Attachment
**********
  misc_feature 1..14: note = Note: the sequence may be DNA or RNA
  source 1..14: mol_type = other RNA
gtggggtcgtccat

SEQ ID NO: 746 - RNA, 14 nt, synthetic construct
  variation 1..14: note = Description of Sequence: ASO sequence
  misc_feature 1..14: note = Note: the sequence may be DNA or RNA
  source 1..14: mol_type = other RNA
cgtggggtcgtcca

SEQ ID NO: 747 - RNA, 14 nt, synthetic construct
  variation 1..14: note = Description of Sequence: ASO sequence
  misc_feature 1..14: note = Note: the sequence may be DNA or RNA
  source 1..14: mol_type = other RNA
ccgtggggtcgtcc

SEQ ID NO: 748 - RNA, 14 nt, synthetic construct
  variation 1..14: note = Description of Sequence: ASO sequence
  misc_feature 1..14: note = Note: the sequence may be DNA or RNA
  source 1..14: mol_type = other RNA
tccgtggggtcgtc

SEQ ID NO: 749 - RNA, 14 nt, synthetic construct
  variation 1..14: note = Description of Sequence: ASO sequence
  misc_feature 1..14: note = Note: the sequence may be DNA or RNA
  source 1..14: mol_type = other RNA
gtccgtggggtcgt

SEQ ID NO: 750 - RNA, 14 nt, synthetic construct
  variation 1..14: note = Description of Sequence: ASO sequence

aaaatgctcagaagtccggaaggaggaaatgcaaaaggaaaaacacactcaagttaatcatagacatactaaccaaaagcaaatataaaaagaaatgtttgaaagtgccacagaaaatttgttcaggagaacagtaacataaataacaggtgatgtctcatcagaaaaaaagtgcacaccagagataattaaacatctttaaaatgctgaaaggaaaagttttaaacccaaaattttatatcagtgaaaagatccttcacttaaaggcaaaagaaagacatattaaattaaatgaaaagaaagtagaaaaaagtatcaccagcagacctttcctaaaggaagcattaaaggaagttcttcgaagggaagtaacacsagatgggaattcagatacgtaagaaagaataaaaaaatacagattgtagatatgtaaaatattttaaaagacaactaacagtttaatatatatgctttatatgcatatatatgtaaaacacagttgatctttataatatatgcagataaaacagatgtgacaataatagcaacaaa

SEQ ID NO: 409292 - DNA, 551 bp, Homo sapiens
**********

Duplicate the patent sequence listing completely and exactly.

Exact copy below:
  misc_feature 1..14: note = Note: the sequence may be DNA or RNA
  source 1..14: mol_type = other RNA
gtggggtcgtccat

SEQ ID NO: 746 - RNA, 14 nt, synthetic construct
  variation 1..14: note = Description of Sequence: ASO sequence
  misc_feature 1..14: note = Note: the sequence may be DNA or RNA
  source 1..14: mol_type = other RNA
cgtggggtcgtcca

SEQ ID NO: 747 - RNA, 14 nt, synthetic construct
  variation 1..14: note = Description of Sequence: ASO sequence
  misc_feature 1..14: note = Note: the sequence may be DNA or RNA
  source 1..14: mol_type = other RNA
ccgtggggtcgtcc

SEQ ID NO: 748 - RNA, 14 nt, synthetic construct
  variation 1..14: note = Description of Sequence: ASO sequence
  misc_feature 1..14: note = Note: the sequence may be DNA or RNA
  source 1..14: mol_type = other RNA
tccgtggggtcgtc

SEQ ID NO: 749 - RNA, 14 nt, synthetic construct
  variation 1..14: note = Description of Sequence: ASO sequence
  misc_feature 1..14: note = Note: the sequence may be DNA or RNA
  source 1..14: mol_type = other RNA
gtccgtggggtcgt

SEQ ID NO: 750 - RNA, 14 nt, synthetic construct
  variation 1..14: note = Description of Sequence: ASO sequence

aaaatgctcagaagtccggaaggaggaaatgcaaaaggaaaaacacactcaagttaatcatagacatactaaccaaaagcaaatataaaaagaaatgtttgaaagtgccacagaaaatttgttcaggagaacagtaacataaataacaggtgatgtctcatcagaaaaaaagtgcacaccagagataattaaacatctttaaaatgctgaaaggaaaagttttaaacccaaaattttatatcagtgaaaagatccttcacttaaaggcaaaagaaagacatattaaattaaatgaaaagaaagtagaaaaaagtatcaccagcagacctttcctaaaggaagcattaaaggaagttcttcgaagggaagtaacacsagatgggaattcagatacgtaagaaagaataaaaaaatacagattgtagatatgtaaaatattttaaaagacaactaacagtttaatatatatgctttatatgcatatatatgtaaaacacagttgatctttataatatatgcagataaaacagatgtgacaataatagcaacaaa

SEQ ID NO: 409292 - DNA, 551 bp, Homo sapiens